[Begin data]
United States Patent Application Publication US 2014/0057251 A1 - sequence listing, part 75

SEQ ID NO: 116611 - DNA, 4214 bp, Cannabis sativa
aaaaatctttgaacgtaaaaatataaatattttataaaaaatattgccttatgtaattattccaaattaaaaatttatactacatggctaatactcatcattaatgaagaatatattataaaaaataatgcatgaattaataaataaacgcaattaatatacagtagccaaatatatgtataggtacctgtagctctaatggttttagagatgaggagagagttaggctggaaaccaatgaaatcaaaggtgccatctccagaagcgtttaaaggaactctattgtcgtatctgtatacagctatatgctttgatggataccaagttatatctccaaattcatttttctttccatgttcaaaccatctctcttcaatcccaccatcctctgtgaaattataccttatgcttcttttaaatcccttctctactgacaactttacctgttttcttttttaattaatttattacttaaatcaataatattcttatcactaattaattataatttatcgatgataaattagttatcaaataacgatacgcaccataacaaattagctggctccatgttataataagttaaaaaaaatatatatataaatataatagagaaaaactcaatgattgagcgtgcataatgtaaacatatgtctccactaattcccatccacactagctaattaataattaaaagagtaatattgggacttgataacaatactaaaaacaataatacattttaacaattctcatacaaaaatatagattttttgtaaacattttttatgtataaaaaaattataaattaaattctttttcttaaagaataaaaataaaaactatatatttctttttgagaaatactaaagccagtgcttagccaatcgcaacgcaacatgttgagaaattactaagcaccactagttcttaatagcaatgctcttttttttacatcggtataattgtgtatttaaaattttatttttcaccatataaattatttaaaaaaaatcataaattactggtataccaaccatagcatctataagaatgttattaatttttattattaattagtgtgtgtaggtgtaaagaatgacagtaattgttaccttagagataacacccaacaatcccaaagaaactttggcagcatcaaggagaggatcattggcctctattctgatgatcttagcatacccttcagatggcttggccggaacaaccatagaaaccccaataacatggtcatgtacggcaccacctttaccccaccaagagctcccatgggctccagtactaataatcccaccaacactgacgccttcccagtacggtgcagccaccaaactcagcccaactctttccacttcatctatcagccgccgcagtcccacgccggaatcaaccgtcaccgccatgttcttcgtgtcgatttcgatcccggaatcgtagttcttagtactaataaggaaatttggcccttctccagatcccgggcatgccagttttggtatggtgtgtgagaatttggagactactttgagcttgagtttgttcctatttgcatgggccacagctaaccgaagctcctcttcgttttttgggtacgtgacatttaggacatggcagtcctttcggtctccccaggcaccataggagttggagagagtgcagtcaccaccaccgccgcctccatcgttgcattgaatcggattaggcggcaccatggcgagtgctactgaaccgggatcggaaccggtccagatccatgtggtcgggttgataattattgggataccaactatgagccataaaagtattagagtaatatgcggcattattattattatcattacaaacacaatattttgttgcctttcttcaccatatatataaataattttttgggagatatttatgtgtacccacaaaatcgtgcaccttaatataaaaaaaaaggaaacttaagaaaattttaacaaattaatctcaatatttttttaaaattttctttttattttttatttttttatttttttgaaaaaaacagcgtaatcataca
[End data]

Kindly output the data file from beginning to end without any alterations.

United States Patent Application Publication US 2014/0057251 A1 - sequence listing, part 75

SEQ ID NO: 116611 - DNA, 4214 bp, Cannabis sativa
aaaaatctttgaacgtaaaaatataaatattttataaaaaatattgccttatgtaattattccaaattaaaaatttatactacatggctaatactcatcattaatgaagaatatattataaaaaataatgcatgaattaataaataaacgcaattaatatacagtagccaaatatatgtataggtacctgtagctctaatggttttagagatgaggagagagttaggctggaaaccaatgaaatcaaaggtgccatctccagaagcgtttaaaggaactctattgtcgtatctgtatacagctatatgctttgatggataccaagttatatctccaaattcatttttctttccatgttcaaaccatctctcttcaatcccaccatcctctgtgaaattataccttatgcttcttttaaatcccttctctactgacaactttacctgttttcttttttaattaatttattacttaaatcaataatattcttatcactaattaattataatttatcgatgataaattagttatcaaataacgatacgcaccataacaaattagctggctccatgttataataagttaaaaaaaatatatatataaatataatagagaaaaactcaatgattgagcgtgcataatgtaaacatatgtctccactaattcccatccacactagctaattaataattaaaagagtaatattgggacttgataacaatactaaaaacaataatacattttaacaattctcatacaaaaatatagattttttgtaaacattttttatgtataaaaaaattataaattaaattctttttcttaaagaataaaaataaaaactatatatttctttttgagaaatactaaagccagtgcttagccaatcgcaacgcaacatgttgagaaattactaagcaccactagttcttaatagcaatgctcttttttttacatcggtataattgtgtatttaaaattttatttttcaccatataaattatttaaaaaaaatcataaattactggtataccaaccatagcatctataagaatgttattaatttttattattaattagtgtgtgtaggtgtaaagaatgacagtaattgttaccttagagataacacccaacaatcccaaagaaactttggcagcatcaaggagaggatcattggcctctattctgatgatcttagcatacccttcagatggcttggccggaacaaccatagaaaccccaataacatggtcatgtacggcaccacctttaccccaccaagagctcccatgggctccagtactaataatcccaccaacactgacgccttcccagtacggtgcagccaccaaactcagcccaactctttccacttcatctatcagccgccgcagtcccacgccggaatcaaccgtcaccgccatgttcttcgtgtcgatttcgatcccggaatcgtagttcttagtactaataaggaaatttggcccttctccagatcccgggcatgccagttttggtatggtgtgtgagaatttggagactactttgagcttgagtttgttcctatttgcatgggccacagctaaccgaagctcctcttcgttttttgggtacgtgacatttaggacatggcagtcctttcggtctccccaggcaccataggagttggagagagtgcagtcaccaccaccgccgcctccatcgttgcattgaatcggattaggcggcaccatggcgagtgctactgaaccgggatcggaaccggtccagatccatgtggtcgggttgataattattgggataccaactatgagccataaaagtattagagtaatatgcggcattattattattatcattacaaacacaatattttgttgcctttcttcaccatatatataaataattttttgggagatatttatgtgtacccacaaaatcgtgcaccttaatataaaaaaaaaggaaacttaagaaaattttaacaaattaatctcaatatttttttaaaattttctttttattttttatttttttatttttttgaaaaaaacagcgtaatcataca